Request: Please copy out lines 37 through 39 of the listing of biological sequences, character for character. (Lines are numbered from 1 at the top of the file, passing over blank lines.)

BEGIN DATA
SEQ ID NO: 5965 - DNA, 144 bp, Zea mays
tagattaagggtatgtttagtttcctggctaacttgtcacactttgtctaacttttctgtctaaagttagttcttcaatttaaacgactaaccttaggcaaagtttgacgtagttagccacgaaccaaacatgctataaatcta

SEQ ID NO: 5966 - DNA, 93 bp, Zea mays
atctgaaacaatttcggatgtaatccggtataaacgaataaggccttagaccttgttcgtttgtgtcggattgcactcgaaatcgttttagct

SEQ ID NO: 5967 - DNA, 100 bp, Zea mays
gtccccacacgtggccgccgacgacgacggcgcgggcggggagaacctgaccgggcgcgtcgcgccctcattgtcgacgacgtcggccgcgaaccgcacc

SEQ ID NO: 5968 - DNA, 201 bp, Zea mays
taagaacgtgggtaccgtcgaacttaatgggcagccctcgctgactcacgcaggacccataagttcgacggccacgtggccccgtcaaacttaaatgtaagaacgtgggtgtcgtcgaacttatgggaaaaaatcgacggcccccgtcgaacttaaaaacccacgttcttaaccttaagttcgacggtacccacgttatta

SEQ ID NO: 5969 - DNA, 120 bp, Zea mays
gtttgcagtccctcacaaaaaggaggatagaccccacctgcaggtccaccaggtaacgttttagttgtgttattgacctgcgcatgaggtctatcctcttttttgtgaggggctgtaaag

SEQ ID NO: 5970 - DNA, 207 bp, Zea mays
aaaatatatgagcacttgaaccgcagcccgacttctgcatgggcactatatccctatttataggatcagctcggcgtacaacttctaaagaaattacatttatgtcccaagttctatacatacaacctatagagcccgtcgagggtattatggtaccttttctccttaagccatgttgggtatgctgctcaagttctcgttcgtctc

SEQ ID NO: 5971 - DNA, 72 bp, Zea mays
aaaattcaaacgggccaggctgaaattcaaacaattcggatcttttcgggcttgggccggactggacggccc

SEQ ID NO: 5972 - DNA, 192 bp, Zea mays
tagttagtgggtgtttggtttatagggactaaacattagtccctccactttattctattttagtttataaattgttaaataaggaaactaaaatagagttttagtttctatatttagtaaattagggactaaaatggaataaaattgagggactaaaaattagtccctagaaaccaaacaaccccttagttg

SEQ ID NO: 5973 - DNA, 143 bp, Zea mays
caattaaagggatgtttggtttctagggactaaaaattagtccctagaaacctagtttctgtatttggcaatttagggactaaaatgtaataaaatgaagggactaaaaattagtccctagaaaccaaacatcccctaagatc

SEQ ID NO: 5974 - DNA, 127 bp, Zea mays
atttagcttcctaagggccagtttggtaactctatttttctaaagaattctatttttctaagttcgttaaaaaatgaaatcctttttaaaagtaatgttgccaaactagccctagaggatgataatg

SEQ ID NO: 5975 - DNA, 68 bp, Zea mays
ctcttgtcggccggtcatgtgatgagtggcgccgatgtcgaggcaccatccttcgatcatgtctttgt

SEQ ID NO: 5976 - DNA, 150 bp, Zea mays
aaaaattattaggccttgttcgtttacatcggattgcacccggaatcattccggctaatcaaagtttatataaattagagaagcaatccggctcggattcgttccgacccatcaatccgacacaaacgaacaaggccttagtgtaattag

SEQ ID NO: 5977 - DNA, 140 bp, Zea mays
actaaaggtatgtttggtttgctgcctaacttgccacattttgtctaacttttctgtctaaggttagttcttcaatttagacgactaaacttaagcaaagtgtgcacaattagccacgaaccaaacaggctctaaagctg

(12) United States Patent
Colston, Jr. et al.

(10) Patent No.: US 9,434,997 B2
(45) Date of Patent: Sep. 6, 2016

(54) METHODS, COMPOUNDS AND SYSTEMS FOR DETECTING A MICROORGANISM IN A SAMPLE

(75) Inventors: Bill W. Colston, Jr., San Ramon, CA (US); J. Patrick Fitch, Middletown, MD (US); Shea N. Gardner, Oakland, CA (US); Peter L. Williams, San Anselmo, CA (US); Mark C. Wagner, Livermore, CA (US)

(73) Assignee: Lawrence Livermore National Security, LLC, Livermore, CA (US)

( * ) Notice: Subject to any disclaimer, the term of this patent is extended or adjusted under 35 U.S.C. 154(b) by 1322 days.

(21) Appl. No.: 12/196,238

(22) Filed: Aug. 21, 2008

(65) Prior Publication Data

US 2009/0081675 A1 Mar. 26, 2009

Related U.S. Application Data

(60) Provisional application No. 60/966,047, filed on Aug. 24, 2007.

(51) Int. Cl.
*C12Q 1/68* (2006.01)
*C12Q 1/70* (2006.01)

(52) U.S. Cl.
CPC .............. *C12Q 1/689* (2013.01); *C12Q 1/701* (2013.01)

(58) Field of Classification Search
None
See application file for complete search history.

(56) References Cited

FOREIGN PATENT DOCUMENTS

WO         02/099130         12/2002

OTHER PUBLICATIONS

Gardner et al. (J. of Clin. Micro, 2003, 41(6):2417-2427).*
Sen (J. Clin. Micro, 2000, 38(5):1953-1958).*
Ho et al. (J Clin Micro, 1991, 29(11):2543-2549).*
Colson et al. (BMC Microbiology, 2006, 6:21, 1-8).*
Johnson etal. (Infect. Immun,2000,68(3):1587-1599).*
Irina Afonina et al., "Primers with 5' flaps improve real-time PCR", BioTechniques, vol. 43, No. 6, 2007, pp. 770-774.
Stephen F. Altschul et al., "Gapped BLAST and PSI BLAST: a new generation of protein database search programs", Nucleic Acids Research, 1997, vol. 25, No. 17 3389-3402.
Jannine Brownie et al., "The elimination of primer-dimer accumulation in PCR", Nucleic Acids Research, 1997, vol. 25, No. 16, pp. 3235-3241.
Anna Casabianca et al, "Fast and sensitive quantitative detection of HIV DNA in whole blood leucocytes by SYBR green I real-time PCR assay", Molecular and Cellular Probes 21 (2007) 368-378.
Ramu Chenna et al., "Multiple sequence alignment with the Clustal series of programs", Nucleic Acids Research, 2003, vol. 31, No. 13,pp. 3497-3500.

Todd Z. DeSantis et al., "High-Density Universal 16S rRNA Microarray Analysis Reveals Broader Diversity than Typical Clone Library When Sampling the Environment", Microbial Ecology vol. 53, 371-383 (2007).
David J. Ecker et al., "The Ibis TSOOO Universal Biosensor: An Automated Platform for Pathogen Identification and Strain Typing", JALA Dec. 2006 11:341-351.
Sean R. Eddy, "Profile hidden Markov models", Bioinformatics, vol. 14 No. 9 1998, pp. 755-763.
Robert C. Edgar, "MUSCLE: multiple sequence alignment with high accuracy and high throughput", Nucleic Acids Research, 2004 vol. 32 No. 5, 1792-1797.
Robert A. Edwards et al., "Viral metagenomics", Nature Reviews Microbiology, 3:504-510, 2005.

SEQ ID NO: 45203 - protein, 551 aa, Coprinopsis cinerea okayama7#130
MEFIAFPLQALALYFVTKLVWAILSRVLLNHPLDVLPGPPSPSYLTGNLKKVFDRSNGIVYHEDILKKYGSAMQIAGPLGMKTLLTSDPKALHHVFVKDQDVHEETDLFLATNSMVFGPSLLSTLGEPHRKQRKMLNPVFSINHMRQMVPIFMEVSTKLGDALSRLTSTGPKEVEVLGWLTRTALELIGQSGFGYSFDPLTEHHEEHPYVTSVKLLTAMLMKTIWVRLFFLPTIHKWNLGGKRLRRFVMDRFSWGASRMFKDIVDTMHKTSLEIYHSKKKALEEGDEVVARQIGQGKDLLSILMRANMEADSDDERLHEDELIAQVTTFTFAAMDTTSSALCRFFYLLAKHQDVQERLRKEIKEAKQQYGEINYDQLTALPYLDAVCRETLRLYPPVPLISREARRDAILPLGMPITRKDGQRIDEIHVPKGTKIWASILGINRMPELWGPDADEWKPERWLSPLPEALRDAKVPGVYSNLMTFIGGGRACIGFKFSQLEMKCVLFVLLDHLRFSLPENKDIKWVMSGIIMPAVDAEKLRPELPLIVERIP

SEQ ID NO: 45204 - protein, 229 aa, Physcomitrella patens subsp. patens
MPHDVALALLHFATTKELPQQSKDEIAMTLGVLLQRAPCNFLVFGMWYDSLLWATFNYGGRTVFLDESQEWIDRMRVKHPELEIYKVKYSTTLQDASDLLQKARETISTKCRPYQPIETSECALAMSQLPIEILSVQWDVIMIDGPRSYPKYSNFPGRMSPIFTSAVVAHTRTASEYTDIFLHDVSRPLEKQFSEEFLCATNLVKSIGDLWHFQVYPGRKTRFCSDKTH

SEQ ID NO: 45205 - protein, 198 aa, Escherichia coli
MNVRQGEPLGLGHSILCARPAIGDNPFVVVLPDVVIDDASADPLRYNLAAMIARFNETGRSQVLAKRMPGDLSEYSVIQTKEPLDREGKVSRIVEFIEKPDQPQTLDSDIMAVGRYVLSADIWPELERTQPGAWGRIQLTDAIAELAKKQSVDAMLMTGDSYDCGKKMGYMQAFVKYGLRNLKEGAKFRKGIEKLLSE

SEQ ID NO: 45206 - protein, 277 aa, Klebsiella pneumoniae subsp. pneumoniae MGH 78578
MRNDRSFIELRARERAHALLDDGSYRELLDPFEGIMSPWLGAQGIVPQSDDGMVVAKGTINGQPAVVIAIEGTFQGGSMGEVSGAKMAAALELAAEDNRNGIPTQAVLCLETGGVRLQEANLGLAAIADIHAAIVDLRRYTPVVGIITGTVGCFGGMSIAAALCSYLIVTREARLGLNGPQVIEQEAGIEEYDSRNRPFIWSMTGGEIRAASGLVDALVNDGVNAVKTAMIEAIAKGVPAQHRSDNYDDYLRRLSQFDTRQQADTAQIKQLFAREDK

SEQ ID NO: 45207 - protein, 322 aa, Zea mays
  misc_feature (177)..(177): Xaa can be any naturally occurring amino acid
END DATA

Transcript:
(65) Prior Publication Data

US 2009/0081675 A1 Mar. 26, 2009

Related U.S. Application Data